[2] Respondent also argues that petitioners lack standing to maintain this appeal.  However, respondent’s “Objection to Instructional Materials and Controversial Issues” policy allows “[d]istrict community members” to submit objections to the district.  Given petitioner Marchitell’s status as a district resident and taxpayer, I find that he has standing to challenge the denial of his objection.  As such, I decline to dismiss the appeal on this basis (Appeal of McMillan, et al., 61 Ed Dept Rep, Decision No. 18,058).


[3] While boards of education have greater discretion to prescribe curricula than to select library materials, the standards of review in an appeal to the Commissioner are the same (compare Appeal of Munch, 47 Ed Dept Rep 199, Decision No. 15,667; see generally Pico, 457 US at 868-69).


[4] Paris Adult Theatre I v Slaton, 413 US 49, 64 (1973) (“The States, of course, may follow ... a ‘laissez-faire’ policy and drop all controls on commercialized obscenity, if that is what they prefer ...”).


[5] Miller v California, 413 US 15, 24 (1973).


[6] 378 US 184, 191 (1964) (citations omitted).


[7] Petitioners also allege that the challenged books are “pornography.”  This term, however, carries no legal significance.  It is not defined in the Penal Law and was only used, in the case cited by petitioners, for background purposes (see People v Keyes, 141 AD2d 227, 229 [3d Dept 1988] [referring generally to “eliminat(ion) of the child pornography industry” as a motivating factor in enacting Penal Law § 263.15, the crime of promoting a sexual performance by a child]).


[8] Additionally, while petitioners characterize the challenged books as “pornographic fiction,” both All Boys Aren’t Blue and Jesus Land are non-fiction.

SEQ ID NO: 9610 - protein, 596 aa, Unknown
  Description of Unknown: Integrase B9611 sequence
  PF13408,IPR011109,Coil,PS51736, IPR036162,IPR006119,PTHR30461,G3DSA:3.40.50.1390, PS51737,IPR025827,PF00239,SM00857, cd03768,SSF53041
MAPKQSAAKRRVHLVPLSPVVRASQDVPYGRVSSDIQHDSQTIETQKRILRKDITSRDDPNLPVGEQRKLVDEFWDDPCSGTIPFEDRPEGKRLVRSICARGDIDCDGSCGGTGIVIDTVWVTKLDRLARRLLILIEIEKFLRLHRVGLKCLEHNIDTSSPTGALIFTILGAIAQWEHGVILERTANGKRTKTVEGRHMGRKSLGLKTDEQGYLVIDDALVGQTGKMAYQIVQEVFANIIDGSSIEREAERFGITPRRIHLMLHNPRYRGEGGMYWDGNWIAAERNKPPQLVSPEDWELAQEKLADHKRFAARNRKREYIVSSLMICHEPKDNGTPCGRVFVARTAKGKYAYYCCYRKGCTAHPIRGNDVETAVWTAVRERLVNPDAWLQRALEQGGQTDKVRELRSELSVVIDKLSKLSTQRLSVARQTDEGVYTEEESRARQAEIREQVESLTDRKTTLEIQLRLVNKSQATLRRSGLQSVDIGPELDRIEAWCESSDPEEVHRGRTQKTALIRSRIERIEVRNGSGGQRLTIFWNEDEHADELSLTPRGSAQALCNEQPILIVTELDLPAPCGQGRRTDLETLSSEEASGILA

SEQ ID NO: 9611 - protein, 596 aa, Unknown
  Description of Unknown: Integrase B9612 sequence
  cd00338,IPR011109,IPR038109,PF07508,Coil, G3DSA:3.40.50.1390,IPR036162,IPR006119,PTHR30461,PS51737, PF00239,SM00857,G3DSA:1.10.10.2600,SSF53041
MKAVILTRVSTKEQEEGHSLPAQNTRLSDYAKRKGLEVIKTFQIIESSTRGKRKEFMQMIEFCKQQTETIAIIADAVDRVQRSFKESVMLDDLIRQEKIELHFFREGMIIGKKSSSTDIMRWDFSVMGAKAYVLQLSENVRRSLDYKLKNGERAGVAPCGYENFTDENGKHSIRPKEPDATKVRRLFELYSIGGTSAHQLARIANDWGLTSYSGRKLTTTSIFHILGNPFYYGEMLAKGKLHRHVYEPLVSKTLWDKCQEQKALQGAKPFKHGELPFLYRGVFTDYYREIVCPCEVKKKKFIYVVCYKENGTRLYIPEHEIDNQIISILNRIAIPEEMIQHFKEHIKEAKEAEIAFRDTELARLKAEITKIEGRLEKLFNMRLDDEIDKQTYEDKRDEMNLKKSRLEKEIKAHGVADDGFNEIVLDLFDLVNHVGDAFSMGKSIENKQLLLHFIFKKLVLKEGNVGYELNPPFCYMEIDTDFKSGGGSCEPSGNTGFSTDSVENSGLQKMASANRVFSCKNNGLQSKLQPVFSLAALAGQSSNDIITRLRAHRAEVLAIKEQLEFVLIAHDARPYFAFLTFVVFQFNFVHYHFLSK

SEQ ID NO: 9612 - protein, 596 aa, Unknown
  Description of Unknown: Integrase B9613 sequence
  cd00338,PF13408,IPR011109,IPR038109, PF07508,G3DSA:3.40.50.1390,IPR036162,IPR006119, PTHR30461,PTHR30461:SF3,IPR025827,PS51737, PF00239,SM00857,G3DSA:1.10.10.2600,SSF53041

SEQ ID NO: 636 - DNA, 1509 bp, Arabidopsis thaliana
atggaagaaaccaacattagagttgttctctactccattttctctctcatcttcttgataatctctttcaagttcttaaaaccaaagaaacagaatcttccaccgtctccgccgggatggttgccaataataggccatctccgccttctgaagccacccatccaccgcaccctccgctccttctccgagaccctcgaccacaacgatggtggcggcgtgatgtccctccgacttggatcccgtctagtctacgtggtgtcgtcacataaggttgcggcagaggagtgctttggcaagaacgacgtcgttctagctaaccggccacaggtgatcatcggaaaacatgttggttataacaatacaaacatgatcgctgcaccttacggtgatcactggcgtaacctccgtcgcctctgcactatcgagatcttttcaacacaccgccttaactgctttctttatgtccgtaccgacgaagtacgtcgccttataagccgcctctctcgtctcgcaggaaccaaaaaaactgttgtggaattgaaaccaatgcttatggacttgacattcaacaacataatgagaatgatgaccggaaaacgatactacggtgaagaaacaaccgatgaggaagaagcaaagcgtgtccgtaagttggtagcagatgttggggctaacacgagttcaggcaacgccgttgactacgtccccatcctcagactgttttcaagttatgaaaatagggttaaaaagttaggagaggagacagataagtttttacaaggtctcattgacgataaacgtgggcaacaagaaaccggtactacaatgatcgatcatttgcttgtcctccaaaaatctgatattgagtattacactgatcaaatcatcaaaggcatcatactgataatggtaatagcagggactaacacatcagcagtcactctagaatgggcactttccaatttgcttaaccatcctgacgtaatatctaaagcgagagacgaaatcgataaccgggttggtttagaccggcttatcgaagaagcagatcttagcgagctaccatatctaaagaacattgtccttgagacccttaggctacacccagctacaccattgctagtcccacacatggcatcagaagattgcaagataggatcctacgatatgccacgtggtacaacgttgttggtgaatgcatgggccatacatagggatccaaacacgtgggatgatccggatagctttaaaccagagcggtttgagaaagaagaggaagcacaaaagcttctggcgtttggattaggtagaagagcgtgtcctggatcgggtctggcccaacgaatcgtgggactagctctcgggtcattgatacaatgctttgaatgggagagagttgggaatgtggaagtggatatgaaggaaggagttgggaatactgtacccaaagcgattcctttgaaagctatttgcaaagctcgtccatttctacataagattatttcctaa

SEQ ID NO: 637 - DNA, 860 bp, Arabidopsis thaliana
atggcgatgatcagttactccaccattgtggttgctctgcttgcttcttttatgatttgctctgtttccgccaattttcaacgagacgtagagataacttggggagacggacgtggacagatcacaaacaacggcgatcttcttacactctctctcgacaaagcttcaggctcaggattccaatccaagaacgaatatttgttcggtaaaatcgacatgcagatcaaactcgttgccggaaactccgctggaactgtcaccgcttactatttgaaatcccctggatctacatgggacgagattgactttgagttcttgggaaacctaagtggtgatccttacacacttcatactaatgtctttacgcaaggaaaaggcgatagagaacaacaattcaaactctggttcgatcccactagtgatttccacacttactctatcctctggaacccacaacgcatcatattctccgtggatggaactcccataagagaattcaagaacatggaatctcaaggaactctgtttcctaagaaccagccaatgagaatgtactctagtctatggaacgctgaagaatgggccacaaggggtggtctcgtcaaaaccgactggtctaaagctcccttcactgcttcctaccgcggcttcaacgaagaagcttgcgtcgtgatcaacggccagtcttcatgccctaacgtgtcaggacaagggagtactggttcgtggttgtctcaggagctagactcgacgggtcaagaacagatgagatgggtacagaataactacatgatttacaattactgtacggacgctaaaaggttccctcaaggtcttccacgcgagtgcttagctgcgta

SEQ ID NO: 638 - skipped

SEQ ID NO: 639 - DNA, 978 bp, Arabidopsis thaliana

[9] New York State Office of the Attorney General and New York State Education Department, Guidance to Promote Diversity, Equity, and Inclusion in New York Public Schools (Aug. 9, 2023), available at In this respect, petitioner Marchitell complained in his initial challenge that “[t]here is great value in keeping sexual deviancy away from underage children.”  “Deviancy” has long been wielded as a pejorative to criminalize and delegitimize same-sex relationships.  See Jordan Blair Woods, LGBT Identity and Crime, 105 Cal. L. Rev. 667, 674 (2017) (arguing that “there was little space to view LGBT people in the criminal justice system other than as deviant sexual offenders” until the mid-1970s, when the decriminalization of sodomy enabled “scholars, advocates, and policymakers in the 1980s and 1990s to use antidiscrimination principles to move discussions about LGBT identity and crime away from viewing LGBT people as deviant sexual offenders ....”); see also Mishkin v State of N.Y., 383 US 502, 505 (1966) (observing that books in obscenity prosecution depicted “deviations” such as “homosexuality”).


[10] While a passage in Pico suggests that boards may remove books from their collections if it finds them “pervasively vulgar,” such considerations are not relevant here as respondent elected to maintain the books in its collection (457 US at 871).


[11] Petitioners did not submit copies of these studies.  However, I have obtained them with the assistance of the New York State Library and take official notice thereof (8 NYCRR 276.6).


[12] Asa A. Kastbom, et al., “Sexual debut before the age of 14 leads to poorer psychosocial health and risky behaviour in later life,” Acta Paediatrica (2015): 91-100.


[13] Tiitakerttu Kaltiala-Heino, et al., “Pubertal timing, sexual behaviour, and self-reported depression in middle adolescence,” Journal of Adolescence 26 (2003): 531-45.  The authors concluded that both the early onset of puberty as well as “the extent of young people’s reported intimate sexual experiences ... [were] associated with self-reported depression in middle adolescence in both sexes ....”


[14] Fayetteville Pub. Library et al. v Crawford County, Ark., et al., [WD Ark, July 29, 2023, 5:23 Civ 05086, Brooks, J.], at **12-14 (Mem Op and Order).


[15] New York State Education Department, “School Library Program Rubric,” Fall 2020, available at (last accessed Apr. 25, 2024).